Representatives of Texas County townships gathered Friday in Houston to learn about possible aid to repair roads and bridges hard hit by recent heavy rain.
By evening, more rain had fallen on the county. The Houston area reported more than an inch overnight, according to most rain gauges. Highway BB at Boiling Springs is closed again.
Commissioners Fred Stenger and John Casey, as well as Texas County Emergency Management Director Bennie Cook, met with several dozen township officials as the threat of rain continues.
“What didn’t get hit last time, certainly did this time,” said Jack Watson, president of a township advisory group. “And we have several townships that don’t usually get much damage that are just torn up.”
Watson is also Cass Township board president.
“Our guys are working hard, but it’s frustrating,” he said. “All week we’ve repaired and re-repaired, and a lot of times gone back the next day to the same place and repaired again.”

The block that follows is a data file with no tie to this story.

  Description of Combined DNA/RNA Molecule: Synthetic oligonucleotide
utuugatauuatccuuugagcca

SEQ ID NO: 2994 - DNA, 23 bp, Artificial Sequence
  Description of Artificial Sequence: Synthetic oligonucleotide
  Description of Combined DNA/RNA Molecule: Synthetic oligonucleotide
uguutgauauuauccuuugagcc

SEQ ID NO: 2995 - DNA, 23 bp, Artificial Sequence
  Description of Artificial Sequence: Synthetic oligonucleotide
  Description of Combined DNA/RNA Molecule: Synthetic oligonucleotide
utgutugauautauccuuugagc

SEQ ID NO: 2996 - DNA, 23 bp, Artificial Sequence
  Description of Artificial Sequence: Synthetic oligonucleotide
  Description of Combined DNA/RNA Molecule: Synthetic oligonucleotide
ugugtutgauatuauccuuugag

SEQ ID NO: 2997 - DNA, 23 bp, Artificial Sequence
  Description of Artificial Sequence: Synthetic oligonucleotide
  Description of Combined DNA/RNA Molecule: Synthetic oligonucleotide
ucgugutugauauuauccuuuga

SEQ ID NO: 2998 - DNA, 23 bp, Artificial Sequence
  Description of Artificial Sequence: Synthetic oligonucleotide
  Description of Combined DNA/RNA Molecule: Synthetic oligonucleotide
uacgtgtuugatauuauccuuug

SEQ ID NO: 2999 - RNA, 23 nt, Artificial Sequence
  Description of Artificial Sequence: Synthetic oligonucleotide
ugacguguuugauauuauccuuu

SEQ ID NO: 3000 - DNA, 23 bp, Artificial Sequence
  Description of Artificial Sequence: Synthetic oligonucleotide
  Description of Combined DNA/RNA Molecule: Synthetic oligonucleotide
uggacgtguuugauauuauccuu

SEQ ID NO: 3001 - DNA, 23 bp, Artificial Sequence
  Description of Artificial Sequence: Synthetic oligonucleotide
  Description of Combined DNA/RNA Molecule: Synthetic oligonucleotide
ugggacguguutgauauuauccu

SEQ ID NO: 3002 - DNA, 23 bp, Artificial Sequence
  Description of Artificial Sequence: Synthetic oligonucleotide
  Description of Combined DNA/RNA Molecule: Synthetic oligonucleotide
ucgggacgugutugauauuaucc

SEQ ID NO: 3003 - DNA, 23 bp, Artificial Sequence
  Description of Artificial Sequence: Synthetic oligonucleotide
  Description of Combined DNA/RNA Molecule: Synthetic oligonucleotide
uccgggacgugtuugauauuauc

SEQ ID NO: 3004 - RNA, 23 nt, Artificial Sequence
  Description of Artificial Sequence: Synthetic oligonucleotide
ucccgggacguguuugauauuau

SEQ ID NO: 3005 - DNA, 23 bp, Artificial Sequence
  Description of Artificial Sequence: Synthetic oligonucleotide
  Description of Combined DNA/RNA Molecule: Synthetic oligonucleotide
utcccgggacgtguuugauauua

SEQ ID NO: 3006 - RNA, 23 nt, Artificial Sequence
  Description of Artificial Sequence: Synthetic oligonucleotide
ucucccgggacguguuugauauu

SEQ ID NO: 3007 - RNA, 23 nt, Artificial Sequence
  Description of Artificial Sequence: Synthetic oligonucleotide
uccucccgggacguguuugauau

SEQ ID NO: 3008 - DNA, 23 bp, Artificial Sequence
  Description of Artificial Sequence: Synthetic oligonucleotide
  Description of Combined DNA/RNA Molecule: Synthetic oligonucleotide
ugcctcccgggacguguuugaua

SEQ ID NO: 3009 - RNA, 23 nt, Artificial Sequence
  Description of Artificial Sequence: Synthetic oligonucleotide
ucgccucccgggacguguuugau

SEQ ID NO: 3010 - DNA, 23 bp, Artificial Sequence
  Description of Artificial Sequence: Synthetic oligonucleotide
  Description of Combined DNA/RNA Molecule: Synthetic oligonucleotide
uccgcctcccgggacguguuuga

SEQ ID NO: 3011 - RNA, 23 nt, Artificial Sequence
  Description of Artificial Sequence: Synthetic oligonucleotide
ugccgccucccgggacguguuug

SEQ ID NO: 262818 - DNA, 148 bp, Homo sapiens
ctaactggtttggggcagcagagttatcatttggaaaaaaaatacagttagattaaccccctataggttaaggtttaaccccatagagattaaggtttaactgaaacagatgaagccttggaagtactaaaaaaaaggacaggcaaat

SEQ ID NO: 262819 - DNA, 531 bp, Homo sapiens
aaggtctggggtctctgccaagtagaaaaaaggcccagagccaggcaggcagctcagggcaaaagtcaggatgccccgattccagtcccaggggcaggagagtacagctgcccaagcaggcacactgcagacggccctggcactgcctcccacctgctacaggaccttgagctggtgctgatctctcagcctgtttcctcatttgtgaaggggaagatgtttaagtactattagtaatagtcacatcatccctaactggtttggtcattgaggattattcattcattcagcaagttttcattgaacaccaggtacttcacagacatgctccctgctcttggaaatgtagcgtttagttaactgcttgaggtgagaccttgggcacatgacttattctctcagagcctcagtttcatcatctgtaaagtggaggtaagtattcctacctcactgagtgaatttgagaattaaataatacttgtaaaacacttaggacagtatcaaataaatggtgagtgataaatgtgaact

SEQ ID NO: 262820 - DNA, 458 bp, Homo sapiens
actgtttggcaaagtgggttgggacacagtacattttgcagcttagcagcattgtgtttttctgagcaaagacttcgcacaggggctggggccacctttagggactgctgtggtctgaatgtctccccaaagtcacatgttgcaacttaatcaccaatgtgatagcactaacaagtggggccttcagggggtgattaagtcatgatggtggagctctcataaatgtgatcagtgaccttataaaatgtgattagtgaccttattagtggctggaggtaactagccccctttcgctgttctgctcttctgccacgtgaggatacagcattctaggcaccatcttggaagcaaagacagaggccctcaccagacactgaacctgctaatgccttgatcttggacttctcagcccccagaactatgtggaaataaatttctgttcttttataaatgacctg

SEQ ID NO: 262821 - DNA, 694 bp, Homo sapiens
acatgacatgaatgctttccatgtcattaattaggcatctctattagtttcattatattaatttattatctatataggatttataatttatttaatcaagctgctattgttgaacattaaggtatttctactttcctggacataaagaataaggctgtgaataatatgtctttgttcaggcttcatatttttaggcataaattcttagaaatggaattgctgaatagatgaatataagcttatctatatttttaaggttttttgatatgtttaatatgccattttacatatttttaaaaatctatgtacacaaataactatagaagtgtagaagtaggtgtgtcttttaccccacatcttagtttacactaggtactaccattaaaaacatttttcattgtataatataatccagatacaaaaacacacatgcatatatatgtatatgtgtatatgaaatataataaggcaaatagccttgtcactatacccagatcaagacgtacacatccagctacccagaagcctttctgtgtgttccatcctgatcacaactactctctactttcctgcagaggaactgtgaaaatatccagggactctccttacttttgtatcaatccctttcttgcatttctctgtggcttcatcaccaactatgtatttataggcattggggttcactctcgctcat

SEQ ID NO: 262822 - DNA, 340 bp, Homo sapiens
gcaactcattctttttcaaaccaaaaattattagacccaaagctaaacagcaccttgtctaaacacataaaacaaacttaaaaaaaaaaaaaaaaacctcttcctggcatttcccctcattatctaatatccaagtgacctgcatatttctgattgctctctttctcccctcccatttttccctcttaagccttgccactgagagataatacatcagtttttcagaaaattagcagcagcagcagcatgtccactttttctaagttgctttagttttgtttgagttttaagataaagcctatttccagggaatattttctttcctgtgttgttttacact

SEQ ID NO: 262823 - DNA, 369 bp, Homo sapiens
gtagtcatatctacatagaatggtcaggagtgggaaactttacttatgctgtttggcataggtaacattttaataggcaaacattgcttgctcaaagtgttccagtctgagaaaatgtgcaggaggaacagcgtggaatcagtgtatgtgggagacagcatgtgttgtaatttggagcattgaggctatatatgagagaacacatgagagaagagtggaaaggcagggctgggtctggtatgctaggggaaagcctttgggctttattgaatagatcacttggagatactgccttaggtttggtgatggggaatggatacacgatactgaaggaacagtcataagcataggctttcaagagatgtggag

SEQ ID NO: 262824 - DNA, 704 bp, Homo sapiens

Township officials are asked to immediately let emergency responders or Cook know of roads and bridges that are impassable in case of emergencies occur. They also are asked to submit an outline of damage, the number of workers and how long labor may be needed as preparation is sought for a federal grant application. Some are still under water; the amount of damage is unknown.
Watson said the cost of repairing the damage caused by this latest round of flooding could top $3 million and go as high as $4 million.
“It’s real bad out there,” he said.
The county hopes to tap U.S. Labor Department aid that was used after 2011 floods. The Disaster Recovery Jobs Program pumped in an estimated $700,000 in wages and earnings and provided employment to about 300, said Presiding Commissioner Fred Stenger.
Casey and Stenger also participated in a conference call Friday morning with the State Emergency Management Agency. County officials were in Waynesville on Thursday to coordinate response efforts and visit with Gov. Jay Nixon.